Perspex Mounts for Model Engines

By Dorothy Cheng

One of the projects this year for Conservation of Metalwork Postgraduate Diploma students has been the cleaning and mounting of a group of internal combustion engines for models, designed and constructed from the 1930s to the 1960s by Edgar T. Westbury. These engines are part of a large collection that will be displayed in a museum environment and thus needed to be secured on suitable mounts.

After discussing various material choices for mount-making, we decided on Perspex®, poly(methyl methacrylate).

It is ideal for its resistance to UV damage as well as its chemical stability and strength. In ambient environments, Perspex will not off-gas substances that can corrode the engines. Other mount-making materials like wood and MDF (medium density fibreboard) can emit acetic acid, formic acid, and formaldehyde, which all accelerate metal corrosion. Some of the engines had already been mounted in the past on laminated densified wood, so we considered using a similar material. However, this would have made the new mounts distractingly difficult to distinguish from the originals.

Instead of using an adhesive, I wanted to solvent weld the Perspex pieces together. This would negate the need for additional materials near the engines which can potentially off-gas damaging substances. Instead, a solvent would temporarily dissolve the surfaces of the Perspex pieces, allowing the polymer chains to entangle while in a liquid state. Once the solvent evaporates the bonded pieces are returned to a solid state, with their chains molecularly intertwined across the interface.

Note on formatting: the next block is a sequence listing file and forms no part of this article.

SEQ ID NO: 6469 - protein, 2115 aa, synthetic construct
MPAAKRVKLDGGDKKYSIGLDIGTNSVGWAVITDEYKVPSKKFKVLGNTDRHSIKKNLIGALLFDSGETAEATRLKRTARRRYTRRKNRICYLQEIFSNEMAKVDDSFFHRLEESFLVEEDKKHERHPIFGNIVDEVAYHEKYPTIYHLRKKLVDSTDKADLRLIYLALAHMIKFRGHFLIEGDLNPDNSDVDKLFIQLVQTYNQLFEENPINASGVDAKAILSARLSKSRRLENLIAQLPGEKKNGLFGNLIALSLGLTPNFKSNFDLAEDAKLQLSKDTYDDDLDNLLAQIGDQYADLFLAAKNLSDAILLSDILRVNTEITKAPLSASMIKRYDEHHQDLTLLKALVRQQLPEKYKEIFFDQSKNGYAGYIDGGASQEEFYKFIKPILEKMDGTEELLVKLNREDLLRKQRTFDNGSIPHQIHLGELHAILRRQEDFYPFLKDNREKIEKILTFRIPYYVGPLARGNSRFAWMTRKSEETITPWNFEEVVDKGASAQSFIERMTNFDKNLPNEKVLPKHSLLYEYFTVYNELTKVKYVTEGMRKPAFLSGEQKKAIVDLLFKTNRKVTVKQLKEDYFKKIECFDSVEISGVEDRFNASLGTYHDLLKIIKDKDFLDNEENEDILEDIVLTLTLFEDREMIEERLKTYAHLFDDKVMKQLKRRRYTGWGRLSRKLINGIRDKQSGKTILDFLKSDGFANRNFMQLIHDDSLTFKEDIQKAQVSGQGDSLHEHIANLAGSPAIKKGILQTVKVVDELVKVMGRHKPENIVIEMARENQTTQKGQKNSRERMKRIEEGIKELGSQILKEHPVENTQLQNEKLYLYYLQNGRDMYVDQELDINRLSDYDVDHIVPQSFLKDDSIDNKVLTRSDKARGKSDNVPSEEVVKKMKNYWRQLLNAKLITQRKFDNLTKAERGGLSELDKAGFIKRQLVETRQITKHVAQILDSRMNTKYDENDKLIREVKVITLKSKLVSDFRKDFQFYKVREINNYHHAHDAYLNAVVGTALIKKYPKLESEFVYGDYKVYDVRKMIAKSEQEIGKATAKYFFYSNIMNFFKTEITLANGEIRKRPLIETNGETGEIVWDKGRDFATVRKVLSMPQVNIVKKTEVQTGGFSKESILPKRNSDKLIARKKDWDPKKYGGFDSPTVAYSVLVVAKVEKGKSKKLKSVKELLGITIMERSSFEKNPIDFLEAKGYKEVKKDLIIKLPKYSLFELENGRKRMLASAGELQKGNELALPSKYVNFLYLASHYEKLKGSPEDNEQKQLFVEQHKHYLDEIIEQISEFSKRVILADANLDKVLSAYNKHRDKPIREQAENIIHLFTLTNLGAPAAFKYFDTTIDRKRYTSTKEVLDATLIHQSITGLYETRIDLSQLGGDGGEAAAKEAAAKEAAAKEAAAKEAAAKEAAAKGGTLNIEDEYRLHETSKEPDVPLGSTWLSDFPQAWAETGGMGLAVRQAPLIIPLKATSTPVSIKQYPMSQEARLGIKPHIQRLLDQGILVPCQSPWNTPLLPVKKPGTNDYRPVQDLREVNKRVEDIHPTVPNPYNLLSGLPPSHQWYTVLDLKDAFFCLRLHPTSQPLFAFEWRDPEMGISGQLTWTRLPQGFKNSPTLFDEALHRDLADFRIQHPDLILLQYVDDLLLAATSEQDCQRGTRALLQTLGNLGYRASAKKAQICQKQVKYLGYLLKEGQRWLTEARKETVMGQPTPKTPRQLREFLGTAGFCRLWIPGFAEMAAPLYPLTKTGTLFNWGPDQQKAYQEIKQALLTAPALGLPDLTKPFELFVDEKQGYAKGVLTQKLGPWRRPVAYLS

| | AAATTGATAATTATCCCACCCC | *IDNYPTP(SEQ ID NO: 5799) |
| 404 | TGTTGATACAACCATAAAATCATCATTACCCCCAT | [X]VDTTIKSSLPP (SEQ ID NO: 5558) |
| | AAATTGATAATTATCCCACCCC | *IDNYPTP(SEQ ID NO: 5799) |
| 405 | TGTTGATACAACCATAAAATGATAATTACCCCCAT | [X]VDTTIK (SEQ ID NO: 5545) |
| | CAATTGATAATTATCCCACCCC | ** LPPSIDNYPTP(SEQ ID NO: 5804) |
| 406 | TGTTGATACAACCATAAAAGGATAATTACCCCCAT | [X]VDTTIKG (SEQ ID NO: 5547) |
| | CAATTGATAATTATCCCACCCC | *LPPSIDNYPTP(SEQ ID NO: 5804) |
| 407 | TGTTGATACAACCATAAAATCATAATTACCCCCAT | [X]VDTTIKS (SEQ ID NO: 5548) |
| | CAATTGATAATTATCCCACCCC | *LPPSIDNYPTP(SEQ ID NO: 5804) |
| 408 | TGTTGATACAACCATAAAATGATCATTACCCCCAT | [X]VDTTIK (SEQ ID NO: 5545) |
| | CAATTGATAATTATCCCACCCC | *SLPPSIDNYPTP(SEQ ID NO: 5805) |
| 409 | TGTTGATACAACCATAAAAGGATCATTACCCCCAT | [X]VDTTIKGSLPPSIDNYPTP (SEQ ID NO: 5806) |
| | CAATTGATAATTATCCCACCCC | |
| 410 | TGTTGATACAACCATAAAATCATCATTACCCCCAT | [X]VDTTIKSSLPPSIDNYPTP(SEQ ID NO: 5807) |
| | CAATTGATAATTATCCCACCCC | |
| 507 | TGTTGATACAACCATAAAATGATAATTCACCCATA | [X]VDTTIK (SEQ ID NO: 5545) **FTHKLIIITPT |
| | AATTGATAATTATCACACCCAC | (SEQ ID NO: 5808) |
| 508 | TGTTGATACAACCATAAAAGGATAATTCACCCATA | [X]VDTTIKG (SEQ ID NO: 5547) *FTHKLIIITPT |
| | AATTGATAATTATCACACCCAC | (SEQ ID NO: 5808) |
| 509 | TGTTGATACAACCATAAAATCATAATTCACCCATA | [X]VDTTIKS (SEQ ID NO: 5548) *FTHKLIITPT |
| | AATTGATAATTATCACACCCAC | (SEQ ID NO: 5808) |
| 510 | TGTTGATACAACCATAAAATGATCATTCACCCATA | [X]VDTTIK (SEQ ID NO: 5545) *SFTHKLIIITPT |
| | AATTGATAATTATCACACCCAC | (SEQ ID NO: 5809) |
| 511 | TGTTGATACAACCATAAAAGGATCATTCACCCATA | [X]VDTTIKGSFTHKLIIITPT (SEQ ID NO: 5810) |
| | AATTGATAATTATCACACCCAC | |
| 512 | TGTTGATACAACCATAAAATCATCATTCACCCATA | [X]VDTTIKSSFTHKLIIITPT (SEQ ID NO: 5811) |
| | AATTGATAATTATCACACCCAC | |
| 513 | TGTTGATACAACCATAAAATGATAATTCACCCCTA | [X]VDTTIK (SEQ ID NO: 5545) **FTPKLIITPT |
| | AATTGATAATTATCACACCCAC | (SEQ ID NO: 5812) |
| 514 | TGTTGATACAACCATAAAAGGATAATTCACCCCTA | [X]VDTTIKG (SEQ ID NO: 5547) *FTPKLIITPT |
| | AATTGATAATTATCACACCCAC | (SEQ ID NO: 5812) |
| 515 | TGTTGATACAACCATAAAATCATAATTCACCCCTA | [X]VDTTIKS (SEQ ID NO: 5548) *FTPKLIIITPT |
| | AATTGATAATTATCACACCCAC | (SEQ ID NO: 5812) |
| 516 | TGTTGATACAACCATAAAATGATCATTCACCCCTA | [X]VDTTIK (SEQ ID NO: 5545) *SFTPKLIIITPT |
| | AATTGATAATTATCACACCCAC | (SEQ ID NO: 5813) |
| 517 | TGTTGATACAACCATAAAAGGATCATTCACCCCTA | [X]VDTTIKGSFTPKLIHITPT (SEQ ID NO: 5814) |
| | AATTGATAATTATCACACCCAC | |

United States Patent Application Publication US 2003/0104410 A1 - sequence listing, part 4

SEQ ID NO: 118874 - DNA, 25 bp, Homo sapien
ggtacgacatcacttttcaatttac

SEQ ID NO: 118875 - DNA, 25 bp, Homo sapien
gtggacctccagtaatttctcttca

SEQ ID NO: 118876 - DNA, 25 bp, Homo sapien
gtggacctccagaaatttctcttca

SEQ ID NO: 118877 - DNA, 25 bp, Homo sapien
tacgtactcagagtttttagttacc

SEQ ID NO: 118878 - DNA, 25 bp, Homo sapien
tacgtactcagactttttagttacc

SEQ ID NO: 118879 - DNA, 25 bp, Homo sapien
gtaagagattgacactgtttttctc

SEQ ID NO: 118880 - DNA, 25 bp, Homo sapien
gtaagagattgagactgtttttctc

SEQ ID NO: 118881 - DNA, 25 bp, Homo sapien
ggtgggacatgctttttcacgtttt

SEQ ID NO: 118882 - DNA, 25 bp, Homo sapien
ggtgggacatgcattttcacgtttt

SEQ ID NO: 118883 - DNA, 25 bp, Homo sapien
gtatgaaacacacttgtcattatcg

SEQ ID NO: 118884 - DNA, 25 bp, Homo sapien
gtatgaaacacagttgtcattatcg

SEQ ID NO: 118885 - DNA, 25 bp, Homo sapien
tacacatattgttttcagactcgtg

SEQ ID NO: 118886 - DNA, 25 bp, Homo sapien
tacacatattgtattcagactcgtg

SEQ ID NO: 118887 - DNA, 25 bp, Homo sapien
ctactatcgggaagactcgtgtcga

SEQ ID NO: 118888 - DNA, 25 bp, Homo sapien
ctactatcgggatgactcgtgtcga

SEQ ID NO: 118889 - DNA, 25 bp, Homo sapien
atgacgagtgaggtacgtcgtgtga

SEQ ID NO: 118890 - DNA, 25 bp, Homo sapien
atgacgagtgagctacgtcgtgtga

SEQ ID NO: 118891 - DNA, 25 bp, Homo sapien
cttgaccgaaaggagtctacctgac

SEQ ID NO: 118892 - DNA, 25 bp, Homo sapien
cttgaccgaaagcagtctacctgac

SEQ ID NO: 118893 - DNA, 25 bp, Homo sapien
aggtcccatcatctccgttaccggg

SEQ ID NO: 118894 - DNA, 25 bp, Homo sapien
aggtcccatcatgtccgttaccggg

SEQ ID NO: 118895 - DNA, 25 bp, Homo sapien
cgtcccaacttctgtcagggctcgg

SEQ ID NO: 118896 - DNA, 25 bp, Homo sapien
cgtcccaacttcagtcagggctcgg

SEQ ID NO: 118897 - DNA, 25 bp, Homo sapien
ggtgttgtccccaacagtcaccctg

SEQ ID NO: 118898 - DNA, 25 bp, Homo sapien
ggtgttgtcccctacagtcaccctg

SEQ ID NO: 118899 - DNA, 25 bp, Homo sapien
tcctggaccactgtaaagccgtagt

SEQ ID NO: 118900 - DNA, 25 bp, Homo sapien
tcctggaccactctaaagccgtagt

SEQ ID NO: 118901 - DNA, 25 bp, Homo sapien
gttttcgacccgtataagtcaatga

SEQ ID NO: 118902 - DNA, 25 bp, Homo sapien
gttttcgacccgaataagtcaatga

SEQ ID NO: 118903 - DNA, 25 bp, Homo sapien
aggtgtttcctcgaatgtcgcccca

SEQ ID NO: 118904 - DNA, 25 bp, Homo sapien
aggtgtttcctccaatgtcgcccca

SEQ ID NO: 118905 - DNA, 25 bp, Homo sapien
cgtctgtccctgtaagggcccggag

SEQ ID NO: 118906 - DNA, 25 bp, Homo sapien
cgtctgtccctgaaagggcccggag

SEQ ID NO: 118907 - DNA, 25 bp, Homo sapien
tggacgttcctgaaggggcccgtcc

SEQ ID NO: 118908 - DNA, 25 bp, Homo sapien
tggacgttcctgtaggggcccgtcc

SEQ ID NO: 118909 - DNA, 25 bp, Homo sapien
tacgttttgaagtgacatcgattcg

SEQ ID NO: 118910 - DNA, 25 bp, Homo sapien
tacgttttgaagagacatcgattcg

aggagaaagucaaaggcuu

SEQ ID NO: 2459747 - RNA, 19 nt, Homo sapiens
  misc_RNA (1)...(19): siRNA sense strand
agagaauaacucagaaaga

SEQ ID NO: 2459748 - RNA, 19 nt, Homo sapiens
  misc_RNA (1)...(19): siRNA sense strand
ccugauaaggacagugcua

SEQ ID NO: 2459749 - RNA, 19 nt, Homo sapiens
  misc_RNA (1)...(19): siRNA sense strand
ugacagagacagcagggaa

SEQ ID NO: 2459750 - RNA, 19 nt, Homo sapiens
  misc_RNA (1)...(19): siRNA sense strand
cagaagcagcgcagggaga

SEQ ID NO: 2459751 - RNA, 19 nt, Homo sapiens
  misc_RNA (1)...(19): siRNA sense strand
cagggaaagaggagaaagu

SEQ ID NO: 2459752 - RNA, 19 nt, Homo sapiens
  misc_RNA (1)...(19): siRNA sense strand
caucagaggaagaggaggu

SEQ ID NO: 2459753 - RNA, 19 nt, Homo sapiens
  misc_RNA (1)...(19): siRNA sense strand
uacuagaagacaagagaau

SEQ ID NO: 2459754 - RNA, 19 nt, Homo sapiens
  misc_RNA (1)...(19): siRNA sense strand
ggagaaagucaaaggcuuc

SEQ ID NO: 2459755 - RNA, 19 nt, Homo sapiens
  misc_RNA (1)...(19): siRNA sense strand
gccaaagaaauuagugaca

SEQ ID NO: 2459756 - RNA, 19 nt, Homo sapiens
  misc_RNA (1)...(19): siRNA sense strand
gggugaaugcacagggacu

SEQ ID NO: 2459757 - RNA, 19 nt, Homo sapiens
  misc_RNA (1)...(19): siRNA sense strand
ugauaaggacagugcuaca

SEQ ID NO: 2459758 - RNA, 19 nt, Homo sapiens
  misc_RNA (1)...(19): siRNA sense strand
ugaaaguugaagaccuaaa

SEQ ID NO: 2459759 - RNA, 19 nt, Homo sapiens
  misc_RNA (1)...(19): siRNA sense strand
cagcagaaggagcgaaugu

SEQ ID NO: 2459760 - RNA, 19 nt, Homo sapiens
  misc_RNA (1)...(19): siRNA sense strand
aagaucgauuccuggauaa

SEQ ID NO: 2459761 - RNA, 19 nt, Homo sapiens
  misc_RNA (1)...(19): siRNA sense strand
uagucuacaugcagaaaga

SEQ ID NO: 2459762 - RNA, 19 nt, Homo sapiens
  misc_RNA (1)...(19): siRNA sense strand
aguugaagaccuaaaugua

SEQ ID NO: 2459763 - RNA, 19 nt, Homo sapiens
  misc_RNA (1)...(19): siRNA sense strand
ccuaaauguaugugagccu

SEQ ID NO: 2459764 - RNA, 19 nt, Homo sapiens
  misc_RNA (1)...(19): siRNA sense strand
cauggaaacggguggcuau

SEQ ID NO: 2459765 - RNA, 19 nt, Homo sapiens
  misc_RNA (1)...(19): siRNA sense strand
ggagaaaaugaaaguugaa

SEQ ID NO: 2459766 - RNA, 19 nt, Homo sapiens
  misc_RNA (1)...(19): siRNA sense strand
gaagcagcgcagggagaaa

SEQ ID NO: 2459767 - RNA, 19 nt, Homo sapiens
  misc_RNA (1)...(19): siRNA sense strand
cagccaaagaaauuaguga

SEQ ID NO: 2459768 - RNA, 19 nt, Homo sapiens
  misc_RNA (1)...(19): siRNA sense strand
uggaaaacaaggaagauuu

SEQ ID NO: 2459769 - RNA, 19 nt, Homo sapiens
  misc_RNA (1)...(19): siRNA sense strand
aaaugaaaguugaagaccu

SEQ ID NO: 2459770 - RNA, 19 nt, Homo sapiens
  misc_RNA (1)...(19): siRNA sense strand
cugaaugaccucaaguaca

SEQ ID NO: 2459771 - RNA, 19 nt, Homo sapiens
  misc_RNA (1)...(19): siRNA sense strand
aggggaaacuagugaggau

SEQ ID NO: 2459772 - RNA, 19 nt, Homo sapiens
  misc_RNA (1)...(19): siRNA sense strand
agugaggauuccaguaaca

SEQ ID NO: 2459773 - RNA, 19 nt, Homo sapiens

I mixed up two solutions: 90% acetone/10% acetic acid and 90% dichloromethane/10% acetic acid. Ideally chloroform would be used, but for health & safety reasons it's not ideal, and so these mixtures attempt to approximate its properties. For each test sample, I positioned the Perspex pieces where I wanted them and introduced the solution with a syringe at the seam. Capillary action pulls the solvents into the gap between the pieces. All of the work done with dichloromethane is done in the solvent cupboard.

I applied slight pressure for about ten seconds, until I could see that the joint interfaces were thoroughly wetted.

I found that the acetone solution worked slowly and was very weak. After thirty minutes I could still easily pull apart the Perspex pieces, though the formerly glossy surfaces showed evidence of having been softened, because of their change in texture.

The dichloromethane solution was a much better option-it softened the joint interfaces almost instantaneously and the bonded pieces were impossible to separate after only a few minutes.

After bonding all the necessary components, I air-abraded the mounts to matte them, so they will not distract from the engines.

The new steel screws I used to secure the engines to the mounts were stamped with "West Dean College" and scribed with the current year, under 10x magnification to ensure a discreet appearance. This was to differentiate new additions from the original components. The new screws were also given a protective coating of microcrystalline wax.

I used 1 mm copper wire to make small pins to secure the loose wires tenuously attached to some engines. The pins are held in place with tension, not adhesive, so they can be removed and cleaned or replaced easily.